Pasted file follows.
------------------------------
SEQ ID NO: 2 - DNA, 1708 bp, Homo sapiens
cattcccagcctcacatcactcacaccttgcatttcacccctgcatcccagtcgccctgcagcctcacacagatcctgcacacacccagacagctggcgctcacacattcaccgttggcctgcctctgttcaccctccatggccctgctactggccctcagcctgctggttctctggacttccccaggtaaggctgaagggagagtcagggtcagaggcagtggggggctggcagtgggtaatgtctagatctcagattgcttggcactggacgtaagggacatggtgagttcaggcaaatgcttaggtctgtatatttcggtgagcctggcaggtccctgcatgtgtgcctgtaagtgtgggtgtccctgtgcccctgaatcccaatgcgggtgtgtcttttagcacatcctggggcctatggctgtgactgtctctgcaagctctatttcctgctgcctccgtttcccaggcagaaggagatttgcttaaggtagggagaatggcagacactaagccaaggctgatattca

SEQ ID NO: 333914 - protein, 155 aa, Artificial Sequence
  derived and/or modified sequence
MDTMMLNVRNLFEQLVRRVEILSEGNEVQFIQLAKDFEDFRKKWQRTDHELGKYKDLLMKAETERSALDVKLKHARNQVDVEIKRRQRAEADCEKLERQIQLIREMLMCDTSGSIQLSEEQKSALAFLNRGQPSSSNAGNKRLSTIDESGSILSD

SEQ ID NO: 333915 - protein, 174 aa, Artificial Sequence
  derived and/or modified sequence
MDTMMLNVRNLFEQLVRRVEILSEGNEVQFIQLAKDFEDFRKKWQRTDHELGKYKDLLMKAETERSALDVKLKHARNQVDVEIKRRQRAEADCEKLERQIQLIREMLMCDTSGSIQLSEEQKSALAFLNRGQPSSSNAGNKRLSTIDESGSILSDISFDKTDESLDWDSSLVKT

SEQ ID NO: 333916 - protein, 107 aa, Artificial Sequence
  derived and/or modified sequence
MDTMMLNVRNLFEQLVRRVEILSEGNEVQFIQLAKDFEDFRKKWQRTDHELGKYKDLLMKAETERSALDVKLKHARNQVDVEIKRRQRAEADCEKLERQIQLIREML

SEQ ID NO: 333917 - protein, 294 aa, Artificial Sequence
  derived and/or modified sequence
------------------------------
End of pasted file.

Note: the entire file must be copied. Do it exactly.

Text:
SEQ ID NO: 2 - DNA, 1708 bp, Homo sapiens
cattcccagcctcacatcactcacaccttgcatttcacccctgcatcccagtcgccctgcagcctcacacagatcctgcacacacccagacagctggcgctcacacattcaccgttggcctgcctctgttcaccctccatggccctgctactggccctcagcctgctggttctctggacttccccaggtaaggctgaagggagagtcagggtcagaggcagtggggggctggcagtgggtaatgtctagatctcagattgcttggcactggacgtaagggacatggtgagttcaggcaaatgcttaggtctgtatatttcggtgagcctggcaggtccctgcatgtgtgcctgtaagtgtgggtgtccctgtgcccctgaatcccaatgcgggtgtgtcttttagcacatcctggggcctatggctgtgactgtctctgcaagctctatttcctgctgcctccgtttcccaggcagaaggagatttgcttaaggtagggagaatggcagacactaagccaaggctgatattca

SEQ ID NO: 333914 - protein, 155 aa, Artificial Sequence
  derived and/or modified sequence
MDTMMLNVRNLFEQLVRRVEILSEGNEVQFIQLAKDFEDFRKKWQRTDHELGKYKDLLMKAETERSALDVKLKHARNQVDVEIKRRQRAEADCEKLERQIQLIREMLMCDTSGSIQLSEEQKSALAFLNRGQPSSSNAGNKRLSTIDESGSILSD

SEQ ID NO: 333915 - protein, 174 aa, Artificial Sequence
  derived and/or modified sequence
MDTMMLNVRNLFEQLVRRVEILSEGNEVQFIQLAKDFEDFRKKWQRTDHELGKYKDLLMKAETERSALDVKLKHARNQVDVEIKRRQRAEADCEKLERQIQLIREMLMCDTSGSIQLSEEQKSALAFLNRGQPSSSNAGNKRLSTIDESGSILSDISFDKTDESLDWDSSLVKT

SEQ ID NO: 333916 - protein, 107 aa, Artificial Sequence
  derived and/or modified sequence
MDTMMLNVRNLFEQLVRRVEILSEGNEVQFIQLAKDFEDFRKKWQRTDHELGKYKDLLMKAETERSALDVKLKHARNQVDVEIKRRQRAEADCEKLERQIQLIREML

SEQ ID NO: 333917 - protein, 294 aa, Artificial Sequence
  derived and/or modified sequence